4. Also, BTW the polar bear population is increasing dramatically. Check it out for yourself- ignore Al Gore.

  5. Sorry for the multiple posts:
    As much as I think Mancuso is quite attractiveshe's not in the same league as Kiira Korpi. Unless you were limiting your "best looking" to skiiers only in which case I agree with you.

  6. OTOH? On the other hand? MSM? What the hell is that? Stop texting on my site.

    As to Don's comments, yes the birthers are a very big part of the Tea Party movement. If you don't think so, you didn't watch the speakers at their convention. No, not everyone mentioned it, but when it was mentioned, it got HUGE cheers by the Tea Partiers.

    More importantly, Kiira Korpi has a very pretty face, but she has thick skaters legs more like Tanya Harding than Nancy Kerrigan. When you are built like me 5' 10" high by 5' 10" wide, you can be very critical.

    As to Bear, I still see no evidence. This was supposedly science - but there seems to be no science behind it. It used to be global warming and when the overwhelming evidence had to be admitted they changed it to climate change. Anecdotal evidence can't pass as science. If the polar bear population is falling, and there is evidence against it, is the seal population growing. What happened to the cycle of nature as we learned when young? Does it no longer apply? And, as I said, the climate is always changing. Things happen. We know that. I hate to side with Don on these things as he's such a snide fellow, but many of these "facts" have turned out one by one not to be facts at all - and eventually are admitted so by their proponents. It is one to many at this point. And if they were facts, they still prove nothing about the issue of man having an effect.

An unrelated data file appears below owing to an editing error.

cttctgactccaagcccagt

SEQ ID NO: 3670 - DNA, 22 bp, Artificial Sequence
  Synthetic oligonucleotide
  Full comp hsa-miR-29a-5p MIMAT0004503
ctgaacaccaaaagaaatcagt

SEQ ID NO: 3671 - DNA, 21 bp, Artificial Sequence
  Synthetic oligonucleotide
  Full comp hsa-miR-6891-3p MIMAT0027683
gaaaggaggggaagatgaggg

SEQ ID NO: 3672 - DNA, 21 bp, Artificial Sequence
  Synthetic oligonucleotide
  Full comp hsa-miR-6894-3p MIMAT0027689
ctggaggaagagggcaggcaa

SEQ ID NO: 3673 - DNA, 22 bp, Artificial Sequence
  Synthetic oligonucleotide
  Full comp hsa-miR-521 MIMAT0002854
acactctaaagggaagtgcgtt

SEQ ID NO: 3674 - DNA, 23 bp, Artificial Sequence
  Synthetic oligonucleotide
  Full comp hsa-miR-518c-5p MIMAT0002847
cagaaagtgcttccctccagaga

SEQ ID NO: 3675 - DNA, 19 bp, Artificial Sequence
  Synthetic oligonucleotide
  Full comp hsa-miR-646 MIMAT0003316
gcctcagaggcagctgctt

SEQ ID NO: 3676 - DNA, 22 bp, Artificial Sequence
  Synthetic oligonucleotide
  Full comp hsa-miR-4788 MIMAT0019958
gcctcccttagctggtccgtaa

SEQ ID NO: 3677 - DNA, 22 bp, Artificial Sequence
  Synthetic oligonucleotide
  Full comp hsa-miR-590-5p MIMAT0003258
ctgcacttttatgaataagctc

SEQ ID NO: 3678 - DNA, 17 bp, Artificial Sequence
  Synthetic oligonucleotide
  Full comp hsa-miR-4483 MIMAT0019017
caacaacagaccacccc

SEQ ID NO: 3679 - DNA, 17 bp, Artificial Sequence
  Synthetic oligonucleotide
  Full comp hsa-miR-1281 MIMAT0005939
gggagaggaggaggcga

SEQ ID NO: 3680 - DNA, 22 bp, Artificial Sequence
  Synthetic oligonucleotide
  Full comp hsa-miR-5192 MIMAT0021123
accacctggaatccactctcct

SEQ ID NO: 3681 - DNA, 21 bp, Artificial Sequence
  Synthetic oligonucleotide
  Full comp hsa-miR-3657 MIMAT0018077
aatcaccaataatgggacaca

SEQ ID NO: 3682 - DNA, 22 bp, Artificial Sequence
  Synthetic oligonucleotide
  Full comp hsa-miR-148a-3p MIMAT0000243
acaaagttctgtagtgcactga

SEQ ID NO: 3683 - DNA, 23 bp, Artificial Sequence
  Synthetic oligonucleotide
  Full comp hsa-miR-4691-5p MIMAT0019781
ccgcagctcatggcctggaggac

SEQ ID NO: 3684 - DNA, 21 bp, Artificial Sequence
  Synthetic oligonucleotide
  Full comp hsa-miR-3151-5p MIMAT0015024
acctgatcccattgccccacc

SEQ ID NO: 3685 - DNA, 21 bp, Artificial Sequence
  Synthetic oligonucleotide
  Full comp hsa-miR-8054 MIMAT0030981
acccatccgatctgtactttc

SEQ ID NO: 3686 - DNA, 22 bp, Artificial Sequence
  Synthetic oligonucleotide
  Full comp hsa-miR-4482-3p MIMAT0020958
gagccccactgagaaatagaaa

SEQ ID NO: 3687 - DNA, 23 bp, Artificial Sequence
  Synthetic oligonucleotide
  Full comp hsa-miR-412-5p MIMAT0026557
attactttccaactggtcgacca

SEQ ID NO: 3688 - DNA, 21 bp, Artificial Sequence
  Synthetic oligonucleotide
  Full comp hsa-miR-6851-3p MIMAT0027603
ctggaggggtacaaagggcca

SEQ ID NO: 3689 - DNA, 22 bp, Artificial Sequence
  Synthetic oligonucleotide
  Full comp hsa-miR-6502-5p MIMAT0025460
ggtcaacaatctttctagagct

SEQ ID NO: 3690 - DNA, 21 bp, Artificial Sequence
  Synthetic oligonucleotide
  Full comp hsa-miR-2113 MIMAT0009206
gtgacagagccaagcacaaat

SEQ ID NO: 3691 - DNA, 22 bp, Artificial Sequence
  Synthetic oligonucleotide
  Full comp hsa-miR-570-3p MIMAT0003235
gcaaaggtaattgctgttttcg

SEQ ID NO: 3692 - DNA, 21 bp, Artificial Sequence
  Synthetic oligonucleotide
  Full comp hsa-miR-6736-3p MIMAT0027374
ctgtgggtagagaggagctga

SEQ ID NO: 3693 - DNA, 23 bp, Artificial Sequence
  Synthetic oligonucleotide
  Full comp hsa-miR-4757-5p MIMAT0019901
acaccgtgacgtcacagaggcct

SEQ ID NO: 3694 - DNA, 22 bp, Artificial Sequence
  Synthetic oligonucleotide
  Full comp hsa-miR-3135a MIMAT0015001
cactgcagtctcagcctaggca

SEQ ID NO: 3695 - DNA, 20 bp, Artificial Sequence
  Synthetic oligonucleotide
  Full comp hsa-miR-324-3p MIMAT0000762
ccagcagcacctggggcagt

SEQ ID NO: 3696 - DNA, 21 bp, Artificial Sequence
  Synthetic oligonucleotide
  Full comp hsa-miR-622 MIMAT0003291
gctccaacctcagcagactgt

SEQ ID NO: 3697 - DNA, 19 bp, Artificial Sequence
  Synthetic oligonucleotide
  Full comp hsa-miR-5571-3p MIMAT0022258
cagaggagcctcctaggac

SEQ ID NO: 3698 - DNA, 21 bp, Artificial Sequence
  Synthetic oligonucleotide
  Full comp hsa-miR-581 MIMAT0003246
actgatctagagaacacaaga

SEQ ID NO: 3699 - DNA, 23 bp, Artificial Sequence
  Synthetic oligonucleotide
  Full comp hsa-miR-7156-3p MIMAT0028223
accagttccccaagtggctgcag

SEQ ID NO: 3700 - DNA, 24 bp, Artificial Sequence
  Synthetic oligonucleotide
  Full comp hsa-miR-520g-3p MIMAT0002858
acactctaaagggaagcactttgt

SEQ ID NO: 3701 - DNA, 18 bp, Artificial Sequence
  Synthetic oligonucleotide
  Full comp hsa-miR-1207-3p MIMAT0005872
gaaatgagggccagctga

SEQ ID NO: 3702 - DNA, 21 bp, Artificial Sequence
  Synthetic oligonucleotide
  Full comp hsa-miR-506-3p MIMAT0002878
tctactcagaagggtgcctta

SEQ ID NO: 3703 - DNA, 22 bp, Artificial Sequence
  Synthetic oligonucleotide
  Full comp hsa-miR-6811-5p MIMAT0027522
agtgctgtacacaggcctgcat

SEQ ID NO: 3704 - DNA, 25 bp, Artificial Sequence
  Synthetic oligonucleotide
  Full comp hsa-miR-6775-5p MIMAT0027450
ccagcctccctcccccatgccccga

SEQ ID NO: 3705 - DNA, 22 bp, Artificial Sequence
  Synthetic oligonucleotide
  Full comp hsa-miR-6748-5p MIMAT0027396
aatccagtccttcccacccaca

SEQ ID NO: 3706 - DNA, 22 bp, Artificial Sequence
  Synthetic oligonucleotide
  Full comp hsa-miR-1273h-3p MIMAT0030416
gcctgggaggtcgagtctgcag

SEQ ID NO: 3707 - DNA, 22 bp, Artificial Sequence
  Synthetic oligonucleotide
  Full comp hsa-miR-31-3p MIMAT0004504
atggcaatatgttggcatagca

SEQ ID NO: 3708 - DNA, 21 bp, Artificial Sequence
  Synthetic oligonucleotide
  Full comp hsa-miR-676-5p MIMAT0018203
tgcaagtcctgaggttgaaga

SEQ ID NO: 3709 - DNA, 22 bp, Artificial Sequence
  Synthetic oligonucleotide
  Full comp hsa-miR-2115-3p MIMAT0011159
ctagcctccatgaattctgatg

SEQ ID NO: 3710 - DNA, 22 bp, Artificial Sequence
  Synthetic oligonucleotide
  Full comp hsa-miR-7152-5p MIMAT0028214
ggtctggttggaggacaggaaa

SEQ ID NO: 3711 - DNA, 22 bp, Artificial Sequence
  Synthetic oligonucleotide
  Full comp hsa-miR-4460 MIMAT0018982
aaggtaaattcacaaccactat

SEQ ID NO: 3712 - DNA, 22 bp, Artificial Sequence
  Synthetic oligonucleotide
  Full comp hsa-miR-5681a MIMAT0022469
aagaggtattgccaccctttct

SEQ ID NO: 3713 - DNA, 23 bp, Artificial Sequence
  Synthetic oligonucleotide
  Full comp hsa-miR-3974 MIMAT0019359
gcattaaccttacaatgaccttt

7. And I always thought snide was agood thing!
    I'll try not to use any more text anagrams so stop acting like the old guy on the block yelling, "Stay off my lawn!"

    I've been to 2 tea parties and didn't see any sign of birthers. There might have been some there but no observable presence. I don't see that there is any eveidence to support the statement that they are a "big part" of the movement. That would be like saying the followers of Louis Farrakhan are a "big part" of the democrat party.
    But what do you think of my suggestion that henceforth all candidates with constitutionall mandated eligibility requirements provide documentation that they are eligible? It doesn't seem onerous and would avoid such nonsense in the future.